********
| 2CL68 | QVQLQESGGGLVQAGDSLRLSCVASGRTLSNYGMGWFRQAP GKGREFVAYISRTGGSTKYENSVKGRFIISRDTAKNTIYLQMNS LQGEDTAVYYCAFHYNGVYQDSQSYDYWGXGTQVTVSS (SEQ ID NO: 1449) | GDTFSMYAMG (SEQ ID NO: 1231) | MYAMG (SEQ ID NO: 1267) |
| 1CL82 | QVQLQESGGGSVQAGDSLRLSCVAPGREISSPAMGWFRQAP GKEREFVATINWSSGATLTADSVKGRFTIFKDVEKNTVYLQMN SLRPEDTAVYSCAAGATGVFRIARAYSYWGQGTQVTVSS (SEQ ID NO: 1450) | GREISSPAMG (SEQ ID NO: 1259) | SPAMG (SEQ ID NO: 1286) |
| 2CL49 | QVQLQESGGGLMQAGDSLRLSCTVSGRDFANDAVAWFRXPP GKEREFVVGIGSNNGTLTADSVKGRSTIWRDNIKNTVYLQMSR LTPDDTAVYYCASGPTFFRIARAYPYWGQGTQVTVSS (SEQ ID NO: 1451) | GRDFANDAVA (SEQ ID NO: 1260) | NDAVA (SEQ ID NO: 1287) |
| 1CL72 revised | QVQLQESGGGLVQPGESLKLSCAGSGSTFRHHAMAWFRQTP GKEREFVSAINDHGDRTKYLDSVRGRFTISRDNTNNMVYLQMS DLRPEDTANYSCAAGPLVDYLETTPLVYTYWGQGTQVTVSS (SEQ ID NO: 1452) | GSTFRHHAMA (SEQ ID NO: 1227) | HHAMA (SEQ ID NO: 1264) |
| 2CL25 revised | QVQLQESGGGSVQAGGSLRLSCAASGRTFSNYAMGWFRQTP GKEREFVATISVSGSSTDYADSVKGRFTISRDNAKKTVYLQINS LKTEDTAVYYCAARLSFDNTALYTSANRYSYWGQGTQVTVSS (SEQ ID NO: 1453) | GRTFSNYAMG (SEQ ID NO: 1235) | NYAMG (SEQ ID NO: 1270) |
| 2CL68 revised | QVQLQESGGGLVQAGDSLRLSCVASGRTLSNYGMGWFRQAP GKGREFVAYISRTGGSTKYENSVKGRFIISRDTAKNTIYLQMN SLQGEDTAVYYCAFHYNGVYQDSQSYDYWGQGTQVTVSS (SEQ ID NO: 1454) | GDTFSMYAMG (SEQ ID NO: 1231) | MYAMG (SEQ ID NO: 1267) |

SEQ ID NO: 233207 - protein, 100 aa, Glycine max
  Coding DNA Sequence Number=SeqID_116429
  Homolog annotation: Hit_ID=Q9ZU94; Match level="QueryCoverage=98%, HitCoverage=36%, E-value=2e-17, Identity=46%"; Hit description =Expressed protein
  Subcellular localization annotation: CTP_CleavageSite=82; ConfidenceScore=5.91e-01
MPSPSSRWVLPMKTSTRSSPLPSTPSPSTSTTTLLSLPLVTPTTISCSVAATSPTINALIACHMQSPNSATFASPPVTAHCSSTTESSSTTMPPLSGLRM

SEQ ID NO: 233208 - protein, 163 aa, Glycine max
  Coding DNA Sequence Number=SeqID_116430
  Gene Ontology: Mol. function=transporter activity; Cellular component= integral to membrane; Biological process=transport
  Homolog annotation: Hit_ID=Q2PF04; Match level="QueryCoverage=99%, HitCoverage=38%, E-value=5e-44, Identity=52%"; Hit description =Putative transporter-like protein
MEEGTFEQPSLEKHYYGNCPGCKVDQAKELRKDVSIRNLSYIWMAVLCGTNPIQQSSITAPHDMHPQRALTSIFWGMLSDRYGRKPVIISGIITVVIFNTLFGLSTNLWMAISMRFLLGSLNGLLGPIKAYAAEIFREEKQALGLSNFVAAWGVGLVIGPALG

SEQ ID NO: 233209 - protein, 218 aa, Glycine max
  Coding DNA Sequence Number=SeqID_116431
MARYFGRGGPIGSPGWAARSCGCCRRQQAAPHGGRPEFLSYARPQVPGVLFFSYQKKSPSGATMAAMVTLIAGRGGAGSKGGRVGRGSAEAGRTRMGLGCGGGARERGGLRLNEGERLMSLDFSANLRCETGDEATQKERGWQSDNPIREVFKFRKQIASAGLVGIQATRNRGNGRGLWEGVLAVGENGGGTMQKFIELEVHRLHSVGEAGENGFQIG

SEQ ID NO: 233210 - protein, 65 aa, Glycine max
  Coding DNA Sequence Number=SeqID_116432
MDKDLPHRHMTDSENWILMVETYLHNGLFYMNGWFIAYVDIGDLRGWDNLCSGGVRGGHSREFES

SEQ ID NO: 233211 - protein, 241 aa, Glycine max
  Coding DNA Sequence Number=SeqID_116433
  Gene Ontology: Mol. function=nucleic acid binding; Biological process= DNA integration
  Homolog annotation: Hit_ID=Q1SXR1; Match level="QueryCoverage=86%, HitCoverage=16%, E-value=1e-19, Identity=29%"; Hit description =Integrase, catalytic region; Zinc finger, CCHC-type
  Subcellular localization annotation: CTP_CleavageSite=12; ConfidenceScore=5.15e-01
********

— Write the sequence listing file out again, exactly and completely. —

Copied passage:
| 2CL68 | QVQLQESGGGLVQAGDSLRLSCVASGRTLSNYGMGWFRQAP GKGREFVAYISRTGGSTKYENSVKGRFIISRDTAKNTIYLQMNS LQGEDTAVYYCAFHYNGVYQDSQSYDYWGXGTQVTVSS (SEQ ID NO: 1449) | GDTFSMYAMG (SEQ ID NO: 1231) | MYAMG (SEQ ID NO: 1267) |
| 1CL82 | QVQLQESGGGSVQAGDSLRLSCVAPGREISSPAMGWFRQAP GKEREFVATINWSSGATLTADSVKGRFTIFKDVEKNTVYLQMN SLRPEDTAVYSCAAGATGVFRIARAYSYWGQGTQVTVSS (SEQ ID NO: 1450) | GREISSPAMG (SEQ ID NO: 1259) | SPAMG (SEQ ID NO: 1286) |
| 2CL49 | QVQLQESGGGLMQAGDSLRLSCTVSGRDFANDAVAWFRXPP GKEREFVVGIGSNNGTLTADSVKGRSTIWRDNIKNTVYLQMSR LTPDDTAVYYCASGPTFFRIARAYPYWGQGTQVTVSS (SEQ ID NO: 1451) | GRDFANDAVA (SEQ ID NO: 1260) | NDAVA (SEQ ID NO: 1287) |
| 1CL72 revised | QVQLQESGGGLVQPGESLKLSCAGSGSTFRHHAMAWFRQTP GKEREFVSAINDHGDRTKYLDSVRGRFTISRDNTNNMVYLQMS DLRPEDTANYSCAAGPLVDYLETTPLVYTYWGQGTQVTVSS (SEQ ID NO: 1452) | GSTFRHHAMA (SEQ ID NO: 1227) | HHAMA (SEQ ID NO: 1264) |
| 2CL25 revised | QVQLQESGGGSVQAGGSLRLSCAASGRTFSNYAMGWFRQTP GKEREFVATISVSGSSTDYADSVKGRFTISRDNAKKTVYLQINS LKTEDTAVYYCAARLSFDNTALYTSANRYSYWGQGTQVTVSS (SEQ ID NO: 1453) | GRTFSNYAMG (SEQ ID NO: 1235) | NYAMG (SEQ ID NO: 1270) |
| 2CL68 revised | QVQLQESGGGLVQAGDSLRLSCVASGRTLSNYGMGWFRQAP GKGREFVAYISRTGGSTKYENSVKGRFIISRDTAKNTIYLQMN SLQGEDTAVYYCAFHYNGVYQDSQSYDYWGQGTQVTVSS (SEQ ID NO: 1454) | GDTFSMYAMG (SEQ ID NO: 1231) | MYAMG (SEQ ID NO: 1267) |

SEQ ID NO: 233207 - protein, 100 aa, Glycine max
  Coding DNA Sequence Number=SeqID_116429
  Homolog annotation: Hit_ID=Q9ZU94; Match level="QueryCoverage=98%, HitCoverage=36%, E-value=2e-17, Identity=46%"; Hit description =Expressed protein
  Subcellular localization annotation: CTP_CleavageSite=82; ConfidenceScore=5.91e-01
MPSPSSRWVLPMKTSTRSSPLPSTPSPSTSTTTLLSLPLVTPTTISCSVAATSPTINALIACHMQSPNSATFASPPVTAHCSSTTESSSTTMPPLSGLRM

SEQ ID NO: 233208 - protein, 163 aa, Glycine max
  Coding DNA Sequence Number=SeqID_116430
  Gene Ontology: Mol. function=transporter activity; Cellular component= integral to membrane; Biological process=transport
  Homolog annotation: Hit_ID=Q2PF04; Match level="QueryCoverage=99%, HitCoverage=38%, E-value=5e-44, Identity=52%"; Hit description =Putative transporter-like protein
MEEGTFEQPSLEKHYYGNCPGCKVDQAKELRKDVSIRNLSYIWMAVLCGTNPIQQSSITAPHDMHPQRALTSIFWGMLSDRYGRKPVIISGIITVVIFNTLFGLSTNLWMAISMRFLLGSLNGLLGPIKAYAAEIFREEKQALGLSNFVAAWGVGLVIGPALG

SEQ ID NO: 233209 - protein, 218 aa, Glycine max
  Coding DNA Sequence Number=SeqID_116431
MARYFGRGGPIGSPGWAARSCGCCRRQQAAPHGGRPEFLSYARPQVPGVLFFSYQKKSPSGATMAAMVTLIAGRGGAGSKGGRVGRGSAEAGRTRMGLGCGGGARERGGLRLNEGERLMSLDFSANLRCETGDEATQKERGWQSDNPIREVFKFRKQIASAGLVGIQATRNRGNGRGLWEGVLAVGENGGGTMQKFIELEVHRLHSVGEAGENGFQIG

SEQ ID NO: 233210 - protein, 65 aa, Glycine max
  Coding DNA Sequence Number=SeqID_116432
MDKDLPHRHMTDSENWILMVETYLHNGLFYMNGWFIAYVDIGDLRGWDNLCSGGVRGGHSREFES

SEQ ID NO: 233211 - protein, 241 aa, Glycine max
  Coding DNA Sequence Number=SeqID_116433
  Gene Ontology: Mol. function=nucleic acid binding; Biological process= DNA integration
  Homolog annotation: Hit_ID=Q1SXR1; Match level="QueryCoverage=86%, HitCoverage=16%, E-value=1e-19, Identity=29%"; Hit description =Integrase, catalytic region; Zinc finger, CCHC-type
  Subcellular localization annotation: CTP_CleavageSite=12; ConfidenceScore=5.15e-01